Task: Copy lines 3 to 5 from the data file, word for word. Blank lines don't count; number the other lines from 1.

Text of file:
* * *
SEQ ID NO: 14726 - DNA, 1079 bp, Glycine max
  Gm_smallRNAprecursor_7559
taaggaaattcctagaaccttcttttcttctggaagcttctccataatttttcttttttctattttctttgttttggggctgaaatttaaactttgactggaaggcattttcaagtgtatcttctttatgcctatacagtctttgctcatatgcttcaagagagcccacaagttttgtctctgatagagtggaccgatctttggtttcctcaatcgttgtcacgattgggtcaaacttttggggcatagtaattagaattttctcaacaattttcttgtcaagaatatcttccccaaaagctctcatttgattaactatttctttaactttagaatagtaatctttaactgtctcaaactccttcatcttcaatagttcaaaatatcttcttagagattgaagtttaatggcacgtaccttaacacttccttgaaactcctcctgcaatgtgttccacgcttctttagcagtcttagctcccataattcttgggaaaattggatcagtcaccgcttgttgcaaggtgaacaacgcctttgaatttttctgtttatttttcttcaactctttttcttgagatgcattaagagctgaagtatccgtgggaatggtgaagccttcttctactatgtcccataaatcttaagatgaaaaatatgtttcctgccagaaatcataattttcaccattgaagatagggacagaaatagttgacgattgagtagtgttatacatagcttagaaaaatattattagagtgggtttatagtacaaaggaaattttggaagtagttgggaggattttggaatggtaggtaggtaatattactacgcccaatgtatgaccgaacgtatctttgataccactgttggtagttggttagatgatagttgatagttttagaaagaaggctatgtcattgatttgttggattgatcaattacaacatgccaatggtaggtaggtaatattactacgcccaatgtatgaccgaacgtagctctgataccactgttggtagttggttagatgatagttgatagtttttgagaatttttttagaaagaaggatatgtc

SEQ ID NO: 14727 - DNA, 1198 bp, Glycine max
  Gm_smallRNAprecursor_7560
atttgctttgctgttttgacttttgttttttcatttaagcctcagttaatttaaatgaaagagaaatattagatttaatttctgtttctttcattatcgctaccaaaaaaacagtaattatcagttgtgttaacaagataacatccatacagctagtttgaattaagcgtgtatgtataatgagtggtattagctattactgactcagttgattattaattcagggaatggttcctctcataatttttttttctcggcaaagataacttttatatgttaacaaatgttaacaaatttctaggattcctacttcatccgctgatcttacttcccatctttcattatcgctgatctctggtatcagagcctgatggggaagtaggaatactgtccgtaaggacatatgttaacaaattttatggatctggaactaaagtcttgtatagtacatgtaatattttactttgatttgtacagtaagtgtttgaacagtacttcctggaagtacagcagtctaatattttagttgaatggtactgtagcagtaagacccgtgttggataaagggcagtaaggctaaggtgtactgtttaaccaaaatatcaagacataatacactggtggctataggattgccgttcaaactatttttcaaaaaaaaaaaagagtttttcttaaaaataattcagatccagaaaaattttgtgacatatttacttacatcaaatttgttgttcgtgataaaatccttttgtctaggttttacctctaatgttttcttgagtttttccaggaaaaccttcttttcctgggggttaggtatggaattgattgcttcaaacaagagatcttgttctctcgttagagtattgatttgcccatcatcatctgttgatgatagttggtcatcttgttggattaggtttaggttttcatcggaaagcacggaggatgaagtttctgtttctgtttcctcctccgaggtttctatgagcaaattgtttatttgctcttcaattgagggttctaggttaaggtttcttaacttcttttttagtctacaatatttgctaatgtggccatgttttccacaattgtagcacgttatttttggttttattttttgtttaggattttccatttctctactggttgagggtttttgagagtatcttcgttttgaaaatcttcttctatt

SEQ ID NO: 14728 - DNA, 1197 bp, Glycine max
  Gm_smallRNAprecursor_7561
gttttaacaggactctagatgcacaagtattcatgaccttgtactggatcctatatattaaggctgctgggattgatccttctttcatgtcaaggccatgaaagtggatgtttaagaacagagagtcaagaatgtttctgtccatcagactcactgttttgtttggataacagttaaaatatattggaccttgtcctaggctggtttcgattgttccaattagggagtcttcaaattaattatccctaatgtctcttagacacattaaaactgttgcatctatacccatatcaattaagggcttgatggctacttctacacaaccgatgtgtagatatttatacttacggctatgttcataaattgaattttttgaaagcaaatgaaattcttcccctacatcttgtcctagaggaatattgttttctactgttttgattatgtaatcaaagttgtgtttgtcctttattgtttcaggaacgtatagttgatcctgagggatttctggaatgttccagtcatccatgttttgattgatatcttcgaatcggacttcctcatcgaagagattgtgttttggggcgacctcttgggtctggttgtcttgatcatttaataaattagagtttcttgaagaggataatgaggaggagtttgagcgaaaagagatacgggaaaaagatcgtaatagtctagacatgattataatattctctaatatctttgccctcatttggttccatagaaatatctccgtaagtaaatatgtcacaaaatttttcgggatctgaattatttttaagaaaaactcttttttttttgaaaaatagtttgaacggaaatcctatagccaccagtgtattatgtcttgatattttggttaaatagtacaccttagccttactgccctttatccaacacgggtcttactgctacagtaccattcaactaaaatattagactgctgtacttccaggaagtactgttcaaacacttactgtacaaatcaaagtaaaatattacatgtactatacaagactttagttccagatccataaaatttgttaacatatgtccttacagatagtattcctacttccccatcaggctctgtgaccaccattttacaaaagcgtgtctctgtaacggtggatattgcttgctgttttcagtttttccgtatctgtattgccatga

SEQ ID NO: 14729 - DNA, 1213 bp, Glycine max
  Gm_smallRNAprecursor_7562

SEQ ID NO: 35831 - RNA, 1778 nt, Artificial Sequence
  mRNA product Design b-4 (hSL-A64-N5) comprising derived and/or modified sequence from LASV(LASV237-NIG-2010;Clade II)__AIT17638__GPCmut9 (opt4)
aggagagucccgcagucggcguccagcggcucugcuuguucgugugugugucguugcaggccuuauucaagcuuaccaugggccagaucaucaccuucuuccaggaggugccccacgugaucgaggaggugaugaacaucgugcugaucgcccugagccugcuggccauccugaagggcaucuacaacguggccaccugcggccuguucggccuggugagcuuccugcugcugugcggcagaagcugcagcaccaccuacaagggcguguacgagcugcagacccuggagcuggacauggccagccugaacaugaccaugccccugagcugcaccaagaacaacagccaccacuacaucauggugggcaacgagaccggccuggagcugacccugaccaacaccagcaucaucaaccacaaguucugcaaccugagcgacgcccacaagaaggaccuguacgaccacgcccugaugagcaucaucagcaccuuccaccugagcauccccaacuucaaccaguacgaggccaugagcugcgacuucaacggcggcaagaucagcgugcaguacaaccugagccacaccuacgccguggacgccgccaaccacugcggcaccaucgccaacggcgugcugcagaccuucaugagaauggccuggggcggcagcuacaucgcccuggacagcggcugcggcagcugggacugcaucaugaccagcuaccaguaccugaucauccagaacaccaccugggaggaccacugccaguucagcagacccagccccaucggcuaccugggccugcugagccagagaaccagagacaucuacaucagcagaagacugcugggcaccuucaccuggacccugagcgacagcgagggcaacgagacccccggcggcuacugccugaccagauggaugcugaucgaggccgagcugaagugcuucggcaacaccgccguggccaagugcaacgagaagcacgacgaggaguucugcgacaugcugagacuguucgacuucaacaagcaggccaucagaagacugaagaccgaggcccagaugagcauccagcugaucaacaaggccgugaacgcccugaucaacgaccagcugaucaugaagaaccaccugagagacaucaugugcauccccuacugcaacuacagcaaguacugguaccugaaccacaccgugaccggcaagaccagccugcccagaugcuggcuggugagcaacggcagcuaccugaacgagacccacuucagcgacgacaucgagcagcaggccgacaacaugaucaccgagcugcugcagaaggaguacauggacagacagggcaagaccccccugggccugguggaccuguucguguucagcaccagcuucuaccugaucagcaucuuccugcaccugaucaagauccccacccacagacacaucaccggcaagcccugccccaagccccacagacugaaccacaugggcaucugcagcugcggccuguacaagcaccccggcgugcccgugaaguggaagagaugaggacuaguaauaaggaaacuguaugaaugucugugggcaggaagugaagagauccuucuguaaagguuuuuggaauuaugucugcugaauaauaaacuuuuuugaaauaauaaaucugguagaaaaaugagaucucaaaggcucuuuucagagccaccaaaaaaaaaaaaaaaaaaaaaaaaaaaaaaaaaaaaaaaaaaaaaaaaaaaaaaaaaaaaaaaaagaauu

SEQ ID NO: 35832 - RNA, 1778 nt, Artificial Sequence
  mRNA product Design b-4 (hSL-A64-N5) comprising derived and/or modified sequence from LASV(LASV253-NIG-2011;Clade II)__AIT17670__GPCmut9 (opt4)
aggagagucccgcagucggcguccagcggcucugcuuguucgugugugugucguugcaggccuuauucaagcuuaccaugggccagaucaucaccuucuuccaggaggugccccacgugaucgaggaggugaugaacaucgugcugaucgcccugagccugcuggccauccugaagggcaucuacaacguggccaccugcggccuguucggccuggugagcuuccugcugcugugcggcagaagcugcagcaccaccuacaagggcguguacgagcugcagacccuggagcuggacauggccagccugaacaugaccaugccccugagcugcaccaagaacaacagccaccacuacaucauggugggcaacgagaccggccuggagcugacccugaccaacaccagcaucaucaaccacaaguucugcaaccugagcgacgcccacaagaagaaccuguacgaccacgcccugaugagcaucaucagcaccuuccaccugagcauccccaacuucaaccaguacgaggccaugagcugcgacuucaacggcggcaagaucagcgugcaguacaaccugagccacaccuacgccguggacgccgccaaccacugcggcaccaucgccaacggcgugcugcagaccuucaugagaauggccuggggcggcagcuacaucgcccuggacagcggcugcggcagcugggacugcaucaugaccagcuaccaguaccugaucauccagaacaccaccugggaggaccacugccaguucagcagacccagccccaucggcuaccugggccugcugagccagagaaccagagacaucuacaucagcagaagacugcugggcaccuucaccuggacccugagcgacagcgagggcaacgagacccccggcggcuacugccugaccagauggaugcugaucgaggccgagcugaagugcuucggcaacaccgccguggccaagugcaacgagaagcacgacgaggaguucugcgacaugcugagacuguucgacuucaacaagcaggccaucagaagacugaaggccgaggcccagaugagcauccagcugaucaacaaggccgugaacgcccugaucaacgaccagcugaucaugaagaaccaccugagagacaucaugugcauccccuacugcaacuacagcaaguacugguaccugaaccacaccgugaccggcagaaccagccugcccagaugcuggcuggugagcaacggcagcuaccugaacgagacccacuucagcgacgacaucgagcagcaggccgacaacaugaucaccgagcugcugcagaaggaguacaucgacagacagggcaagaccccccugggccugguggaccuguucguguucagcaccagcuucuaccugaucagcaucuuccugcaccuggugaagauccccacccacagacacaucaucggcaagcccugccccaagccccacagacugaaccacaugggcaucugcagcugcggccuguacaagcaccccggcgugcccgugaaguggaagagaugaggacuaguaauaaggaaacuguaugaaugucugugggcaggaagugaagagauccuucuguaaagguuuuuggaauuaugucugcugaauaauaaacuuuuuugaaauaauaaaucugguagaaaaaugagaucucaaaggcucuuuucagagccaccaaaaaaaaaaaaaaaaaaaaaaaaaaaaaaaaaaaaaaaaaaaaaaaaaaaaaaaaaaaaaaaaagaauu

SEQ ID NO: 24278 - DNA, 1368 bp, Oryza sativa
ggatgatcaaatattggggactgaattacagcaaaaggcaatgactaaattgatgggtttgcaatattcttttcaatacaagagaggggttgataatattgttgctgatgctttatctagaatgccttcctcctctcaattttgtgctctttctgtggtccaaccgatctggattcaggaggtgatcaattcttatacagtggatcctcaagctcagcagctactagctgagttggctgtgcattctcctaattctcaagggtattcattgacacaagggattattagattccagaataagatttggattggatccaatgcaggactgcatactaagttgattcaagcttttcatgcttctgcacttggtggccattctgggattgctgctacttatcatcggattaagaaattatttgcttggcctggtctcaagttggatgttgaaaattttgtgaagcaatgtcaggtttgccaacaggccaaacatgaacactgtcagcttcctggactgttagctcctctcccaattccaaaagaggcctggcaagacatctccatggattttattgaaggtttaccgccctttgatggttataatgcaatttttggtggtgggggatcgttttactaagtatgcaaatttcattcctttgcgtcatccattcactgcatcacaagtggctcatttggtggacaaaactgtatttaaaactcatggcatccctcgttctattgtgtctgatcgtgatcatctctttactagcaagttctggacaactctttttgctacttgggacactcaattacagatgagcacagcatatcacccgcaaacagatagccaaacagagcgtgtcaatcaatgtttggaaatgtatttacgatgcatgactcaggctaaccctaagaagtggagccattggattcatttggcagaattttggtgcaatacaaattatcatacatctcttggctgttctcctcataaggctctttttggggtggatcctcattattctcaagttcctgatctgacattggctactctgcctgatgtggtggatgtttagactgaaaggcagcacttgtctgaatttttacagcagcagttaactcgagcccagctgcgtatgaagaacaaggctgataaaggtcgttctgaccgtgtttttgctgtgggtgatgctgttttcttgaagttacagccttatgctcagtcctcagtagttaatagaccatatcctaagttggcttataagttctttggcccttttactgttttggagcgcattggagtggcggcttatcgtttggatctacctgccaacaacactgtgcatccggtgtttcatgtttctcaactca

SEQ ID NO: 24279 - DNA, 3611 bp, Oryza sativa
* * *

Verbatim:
taaggaaattcctagaaccttcttttcttctggaagcttctccataatttttcttttttctattttctttgttttggggctgaaatttaaactttgactggaaggcattttcaagtgtatcttctttatgcctatacagtctttgctcatatgcttcaagagagcccacaagttttgtctctgatagagtggaccgatctttggtttcctcaatcgttgtcacgattgggtcaaacttttggggcatagtaattagaattttctcaacaattttcttgtcaagaatatcttccccaaaagctctcatttgattaactatttctttaactttagaatagtaatctttaactgtctcaaactccttcatcttcaatagttcaaaatatcttcttagagattgaagtttaatggcacgtaccttaacacttccttgaaactcctcctgcaatgtgttccacgcttctttagcagtcttagctcccataattcttgggaaaattggatcagtcaccgcttgttgcaaggtgaacaacgcctttgaatttttctgtttatttttcttcaactctttttcttgagatgcattaagagctgaagtatccgtgggaatggtgaagccttcttctactatgtcccataaatcttaagatgaaaaatatgtttcctgccagaaatcataattttcaccattgaagatagggacagaaatagttgacgattgagtagtgttatacatagcttagaaaaatattattagagtgggtttatagtacaaaggaaattttggaagtagttgggaggattttggaatggtaggtaggtaatattactacgcccaatgtatgaccgaacgtatctttgataccactgttggtagttggttagatgatagttgatagttttagaaagaaggctatgtcattgatttgttggattgatcaattacaacatgccaatggtaggtaggtaatattactacgcccaatgtatgaccgaacgtagctctgataccactgttggtagttggttagatgatagttgatagtttttgagaatttttttagaaagaaggatatgtc

SEQ ID NO: 14727 - DNA, 1198 bp, Glycine max
  Gm_smallRNAprecursor_7560